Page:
The Racing Card

The Bet - Which party will win the general election?

Labour 1-4
Tories 5-2
Hung Parliament 4-1
(Source William Hill)

While I was away following Engerland, I was told that the government had fallen apart and was fairing even worse than the country's football team. Someone told me that Tony Blair was now more unpopular than Philip Neville and that Alastair Campbell had developed the tactical nous of Kevin Keegan.

Word reached me of an opinion poll putting the Tories just 3 percentage points behind Labour. I actually nipped into the Ladbrokes in Charleroi to see if the odds on Labour had changed. They didn't seem bothered about British politics and were even less interested in taking my money when I suggested a bet on precisely when the riot police would use their brand-new water cannon.

Once home, I rang William Hill, which confirmed that the odds had not changed at all. William Hill is still reeling from England beating Germany; it lost a fortune to all the patriotic English who had backed their team to win. In fact, the bookies have not done at all well out of Euro 2000, with all their top three - Holland, France and Italy - getting through to the semi-finals.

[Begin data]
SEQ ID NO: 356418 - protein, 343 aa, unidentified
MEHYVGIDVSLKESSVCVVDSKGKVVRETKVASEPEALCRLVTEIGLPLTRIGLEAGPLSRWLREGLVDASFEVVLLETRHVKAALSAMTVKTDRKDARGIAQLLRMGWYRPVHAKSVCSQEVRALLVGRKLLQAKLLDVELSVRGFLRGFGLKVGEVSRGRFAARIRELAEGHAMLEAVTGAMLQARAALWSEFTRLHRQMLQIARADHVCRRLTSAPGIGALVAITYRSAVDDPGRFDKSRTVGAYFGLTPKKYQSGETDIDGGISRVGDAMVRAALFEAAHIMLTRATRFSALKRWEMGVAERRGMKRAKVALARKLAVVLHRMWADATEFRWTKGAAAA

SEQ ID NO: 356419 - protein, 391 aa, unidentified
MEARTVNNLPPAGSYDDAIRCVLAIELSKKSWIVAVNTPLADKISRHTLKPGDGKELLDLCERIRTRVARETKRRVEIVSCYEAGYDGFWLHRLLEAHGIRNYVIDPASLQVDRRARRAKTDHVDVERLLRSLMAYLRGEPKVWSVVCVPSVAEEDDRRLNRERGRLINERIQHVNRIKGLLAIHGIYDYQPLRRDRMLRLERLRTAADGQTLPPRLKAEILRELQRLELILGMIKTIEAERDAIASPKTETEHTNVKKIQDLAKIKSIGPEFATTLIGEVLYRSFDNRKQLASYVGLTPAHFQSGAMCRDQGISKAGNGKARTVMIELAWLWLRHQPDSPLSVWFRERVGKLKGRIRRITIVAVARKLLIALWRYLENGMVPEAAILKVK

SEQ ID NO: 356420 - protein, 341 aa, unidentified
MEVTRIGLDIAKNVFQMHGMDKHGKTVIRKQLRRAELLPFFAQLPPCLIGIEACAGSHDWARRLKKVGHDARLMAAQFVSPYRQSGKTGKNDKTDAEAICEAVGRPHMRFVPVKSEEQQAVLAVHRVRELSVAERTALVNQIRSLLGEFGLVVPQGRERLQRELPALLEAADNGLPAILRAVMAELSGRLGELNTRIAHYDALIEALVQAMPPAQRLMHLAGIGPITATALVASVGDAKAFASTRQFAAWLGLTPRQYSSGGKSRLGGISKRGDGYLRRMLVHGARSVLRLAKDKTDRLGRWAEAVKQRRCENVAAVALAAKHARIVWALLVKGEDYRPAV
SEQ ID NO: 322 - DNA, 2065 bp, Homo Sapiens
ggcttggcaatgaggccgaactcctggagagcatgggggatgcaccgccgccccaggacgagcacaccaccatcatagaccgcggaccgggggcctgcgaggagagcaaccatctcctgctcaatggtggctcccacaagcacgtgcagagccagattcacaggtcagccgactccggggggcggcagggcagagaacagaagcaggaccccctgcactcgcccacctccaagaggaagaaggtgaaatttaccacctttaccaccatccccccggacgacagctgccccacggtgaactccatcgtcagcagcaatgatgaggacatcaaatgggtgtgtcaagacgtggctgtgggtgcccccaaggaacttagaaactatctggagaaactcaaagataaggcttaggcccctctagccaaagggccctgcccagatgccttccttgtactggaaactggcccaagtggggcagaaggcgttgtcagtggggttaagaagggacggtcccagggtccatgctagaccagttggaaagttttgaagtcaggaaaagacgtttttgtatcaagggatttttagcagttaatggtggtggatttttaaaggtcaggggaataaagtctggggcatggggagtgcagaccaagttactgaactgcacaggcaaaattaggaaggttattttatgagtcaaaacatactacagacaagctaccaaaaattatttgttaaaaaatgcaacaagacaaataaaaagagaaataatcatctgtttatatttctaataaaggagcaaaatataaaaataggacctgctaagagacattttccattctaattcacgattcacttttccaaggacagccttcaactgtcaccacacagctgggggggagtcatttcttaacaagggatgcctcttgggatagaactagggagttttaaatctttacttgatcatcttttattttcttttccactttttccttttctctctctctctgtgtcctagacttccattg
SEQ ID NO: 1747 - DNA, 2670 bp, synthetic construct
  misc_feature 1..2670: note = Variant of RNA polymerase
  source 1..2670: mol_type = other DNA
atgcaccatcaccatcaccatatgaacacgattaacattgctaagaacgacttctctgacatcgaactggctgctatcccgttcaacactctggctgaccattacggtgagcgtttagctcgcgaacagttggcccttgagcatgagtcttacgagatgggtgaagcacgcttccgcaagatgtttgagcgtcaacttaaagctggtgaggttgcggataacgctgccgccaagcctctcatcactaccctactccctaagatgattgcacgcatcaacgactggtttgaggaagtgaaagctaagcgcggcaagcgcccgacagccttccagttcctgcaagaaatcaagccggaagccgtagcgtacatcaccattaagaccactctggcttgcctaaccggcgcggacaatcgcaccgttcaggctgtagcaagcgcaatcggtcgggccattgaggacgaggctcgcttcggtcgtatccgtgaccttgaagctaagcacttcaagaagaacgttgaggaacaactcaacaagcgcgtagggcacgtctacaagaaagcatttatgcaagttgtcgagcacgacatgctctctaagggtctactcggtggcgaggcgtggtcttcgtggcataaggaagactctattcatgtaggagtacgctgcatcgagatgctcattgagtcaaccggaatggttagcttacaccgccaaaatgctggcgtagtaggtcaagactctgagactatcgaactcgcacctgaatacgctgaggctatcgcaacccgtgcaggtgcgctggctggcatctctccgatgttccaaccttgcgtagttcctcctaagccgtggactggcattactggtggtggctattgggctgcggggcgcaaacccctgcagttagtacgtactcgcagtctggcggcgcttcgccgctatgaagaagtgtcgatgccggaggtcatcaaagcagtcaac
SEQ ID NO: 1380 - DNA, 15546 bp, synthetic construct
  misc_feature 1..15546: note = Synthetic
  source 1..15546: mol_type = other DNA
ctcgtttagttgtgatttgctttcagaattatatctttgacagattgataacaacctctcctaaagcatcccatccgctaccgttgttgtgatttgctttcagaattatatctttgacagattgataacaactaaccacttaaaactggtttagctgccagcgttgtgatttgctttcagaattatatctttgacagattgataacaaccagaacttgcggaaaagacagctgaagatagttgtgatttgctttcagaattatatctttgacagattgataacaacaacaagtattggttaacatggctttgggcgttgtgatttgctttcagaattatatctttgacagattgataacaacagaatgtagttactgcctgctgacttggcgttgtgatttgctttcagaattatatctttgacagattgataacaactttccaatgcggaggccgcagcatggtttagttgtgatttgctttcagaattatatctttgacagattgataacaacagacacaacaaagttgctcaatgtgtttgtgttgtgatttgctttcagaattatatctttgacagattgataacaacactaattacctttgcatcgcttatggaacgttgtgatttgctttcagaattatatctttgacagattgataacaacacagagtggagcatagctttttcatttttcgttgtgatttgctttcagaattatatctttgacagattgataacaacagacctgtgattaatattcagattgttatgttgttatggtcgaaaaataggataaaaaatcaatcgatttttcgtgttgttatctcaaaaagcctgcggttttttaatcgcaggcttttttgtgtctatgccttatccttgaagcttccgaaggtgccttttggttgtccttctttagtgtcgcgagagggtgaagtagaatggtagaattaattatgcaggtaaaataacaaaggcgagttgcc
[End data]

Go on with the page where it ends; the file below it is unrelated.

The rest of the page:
Over the past few weeks, there has been virtually no new money punted on the result of the election. Someone did have a punt on a hung parliament but, with such mean odds as 4-1, it was hardly worth it.

The bookies are more likely to take notice of the Tottenham by-election, in which the Tories came third, than a "wishful thinking" poll in the Daily Mail. The Tottenham result itself brought in the biggest political bet for some time: one punter put a grand on David Lammy becoming the first black prime minister.

This article first appeared in the 03 July 2000 issue of the New Statesman, And is there honey by the Tees?